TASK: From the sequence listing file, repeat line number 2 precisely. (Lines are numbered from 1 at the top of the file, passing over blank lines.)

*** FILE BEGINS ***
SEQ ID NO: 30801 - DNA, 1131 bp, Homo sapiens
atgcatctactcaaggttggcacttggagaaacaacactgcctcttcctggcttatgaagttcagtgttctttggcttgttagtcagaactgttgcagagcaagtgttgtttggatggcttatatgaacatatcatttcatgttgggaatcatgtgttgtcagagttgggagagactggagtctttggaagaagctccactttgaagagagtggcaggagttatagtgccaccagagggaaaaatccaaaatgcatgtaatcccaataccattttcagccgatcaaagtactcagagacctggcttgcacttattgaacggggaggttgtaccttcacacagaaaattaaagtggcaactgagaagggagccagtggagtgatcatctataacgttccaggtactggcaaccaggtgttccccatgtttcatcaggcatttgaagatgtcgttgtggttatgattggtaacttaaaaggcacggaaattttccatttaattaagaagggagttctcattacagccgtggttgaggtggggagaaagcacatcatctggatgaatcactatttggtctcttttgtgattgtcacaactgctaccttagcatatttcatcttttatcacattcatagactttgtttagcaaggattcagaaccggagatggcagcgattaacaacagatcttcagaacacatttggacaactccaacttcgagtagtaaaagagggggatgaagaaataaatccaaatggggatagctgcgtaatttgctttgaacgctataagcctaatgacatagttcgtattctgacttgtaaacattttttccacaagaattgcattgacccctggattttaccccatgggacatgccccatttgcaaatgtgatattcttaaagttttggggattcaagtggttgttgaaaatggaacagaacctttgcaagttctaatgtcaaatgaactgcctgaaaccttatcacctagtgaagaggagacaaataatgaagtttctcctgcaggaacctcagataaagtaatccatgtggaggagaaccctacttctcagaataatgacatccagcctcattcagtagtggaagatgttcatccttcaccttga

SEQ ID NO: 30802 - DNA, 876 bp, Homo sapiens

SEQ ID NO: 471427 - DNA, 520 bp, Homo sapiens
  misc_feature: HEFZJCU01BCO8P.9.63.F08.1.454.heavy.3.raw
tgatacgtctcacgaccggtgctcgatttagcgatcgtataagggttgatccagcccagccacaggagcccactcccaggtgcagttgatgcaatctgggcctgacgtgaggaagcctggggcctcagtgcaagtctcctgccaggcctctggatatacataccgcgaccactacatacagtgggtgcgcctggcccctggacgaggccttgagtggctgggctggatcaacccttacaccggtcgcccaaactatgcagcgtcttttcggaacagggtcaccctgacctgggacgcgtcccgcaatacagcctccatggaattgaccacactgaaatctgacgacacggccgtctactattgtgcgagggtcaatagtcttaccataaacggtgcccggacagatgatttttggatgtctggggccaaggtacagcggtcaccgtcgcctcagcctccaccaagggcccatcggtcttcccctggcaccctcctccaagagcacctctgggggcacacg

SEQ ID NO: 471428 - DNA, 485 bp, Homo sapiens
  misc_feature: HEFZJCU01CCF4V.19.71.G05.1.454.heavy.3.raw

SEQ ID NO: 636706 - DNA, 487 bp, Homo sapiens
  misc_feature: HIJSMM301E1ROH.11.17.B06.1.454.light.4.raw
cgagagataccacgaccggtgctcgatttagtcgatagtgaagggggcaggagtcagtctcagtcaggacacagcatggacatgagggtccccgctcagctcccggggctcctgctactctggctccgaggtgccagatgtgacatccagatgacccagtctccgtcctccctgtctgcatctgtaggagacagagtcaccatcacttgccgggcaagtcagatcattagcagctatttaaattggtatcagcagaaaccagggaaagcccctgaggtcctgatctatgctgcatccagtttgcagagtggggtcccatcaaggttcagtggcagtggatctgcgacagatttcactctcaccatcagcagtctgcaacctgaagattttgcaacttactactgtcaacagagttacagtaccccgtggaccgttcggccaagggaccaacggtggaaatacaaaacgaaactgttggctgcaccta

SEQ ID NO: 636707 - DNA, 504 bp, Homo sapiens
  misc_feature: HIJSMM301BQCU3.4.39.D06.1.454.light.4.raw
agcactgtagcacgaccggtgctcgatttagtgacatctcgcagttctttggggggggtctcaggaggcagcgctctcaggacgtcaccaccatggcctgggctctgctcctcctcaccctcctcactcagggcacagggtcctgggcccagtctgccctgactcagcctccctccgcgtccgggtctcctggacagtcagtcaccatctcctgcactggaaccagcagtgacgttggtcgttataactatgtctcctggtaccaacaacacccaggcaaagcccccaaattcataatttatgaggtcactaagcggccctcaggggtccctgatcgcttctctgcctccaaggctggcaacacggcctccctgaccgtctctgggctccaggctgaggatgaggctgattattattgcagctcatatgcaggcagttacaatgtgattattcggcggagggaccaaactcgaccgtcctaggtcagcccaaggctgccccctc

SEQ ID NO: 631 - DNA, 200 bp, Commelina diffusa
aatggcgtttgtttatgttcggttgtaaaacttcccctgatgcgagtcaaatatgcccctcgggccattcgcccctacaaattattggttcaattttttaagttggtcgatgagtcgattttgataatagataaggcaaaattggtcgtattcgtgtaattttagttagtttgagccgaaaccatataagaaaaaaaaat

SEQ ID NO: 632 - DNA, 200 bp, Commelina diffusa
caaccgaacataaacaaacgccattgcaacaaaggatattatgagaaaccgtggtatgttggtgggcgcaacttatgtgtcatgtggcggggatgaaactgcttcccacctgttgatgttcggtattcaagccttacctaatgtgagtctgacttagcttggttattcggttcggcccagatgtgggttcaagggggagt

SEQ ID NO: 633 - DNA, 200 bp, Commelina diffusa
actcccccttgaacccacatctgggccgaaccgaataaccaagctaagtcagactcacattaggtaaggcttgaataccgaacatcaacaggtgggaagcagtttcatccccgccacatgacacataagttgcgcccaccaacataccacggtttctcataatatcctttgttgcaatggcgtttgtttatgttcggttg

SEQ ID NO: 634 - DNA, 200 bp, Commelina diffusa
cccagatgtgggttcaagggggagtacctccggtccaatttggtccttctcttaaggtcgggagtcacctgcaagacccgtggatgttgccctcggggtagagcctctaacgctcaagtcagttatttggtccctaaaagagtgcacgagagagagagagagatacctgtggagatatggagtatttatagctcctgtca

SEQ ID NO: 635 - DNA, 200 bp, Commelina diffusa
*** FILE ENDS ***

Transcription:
atgcatctactcaaggttggcacttggagaaacaacactgcctcttcctggcttatgaagttcagtgttctttggcttgttagtcagaactgttgcagagcaagtgttgtttggatggcttatatgaacatatcatttcatgttgggaatcatgtgttgtcagagttgggagagactggagtctttggaagaagctccactttgaagagagtggcaggagttatagtgccaccagagggaaaaatccaaaatgcatgtaatcccaataccattttcagccgatcaaagtactcagagacctggcttgcacttattgaacggggaggttgtaccttcacacagaaaattaaagtggcaactgagaagggagccagtggagtgatcatctataacgttccaggtactggcaaccaggtgttccccatgtttcatcaggcatttgaagatgtcgttgtggttatgattggtaacttaaaaggcacggaaattttccatttaattaagaagggagttctcattacagccgtggttgaggtggggagaaagcacatcatctggatgaatcactatttggtctcttttgtgattgtcacaactgctaccttagcatatttcatcttttatcacattcatagactttgtttagcaaggattcagaaccggagatggcagcgattaacaacagatcttcagaacacatttggacaactccaacttcgagtagtaaaagagggggatgaagaaataaatccaaatggggatagctgcgtaatttgctttgaacgctataagcctaatgacatagttcgtattctgacttgtaaacattttttccacaagaattgcattgacccctggattttaccccatgggacatgccccatttgcaaatgtgatattcttaaagttttggggattcaagtggttgttgaaaatggaacagaacctttgcaagttctaatgtcaaatgaactgcctgaaaccttatcacctagtgaagaggagacaaataatgaagtttctcctgcaggaacctcagataaagtaatccatgtggaggagaaccctacttctcagaataatgacatccagcctcattcagtagtggaagatgttcatccttcaccttga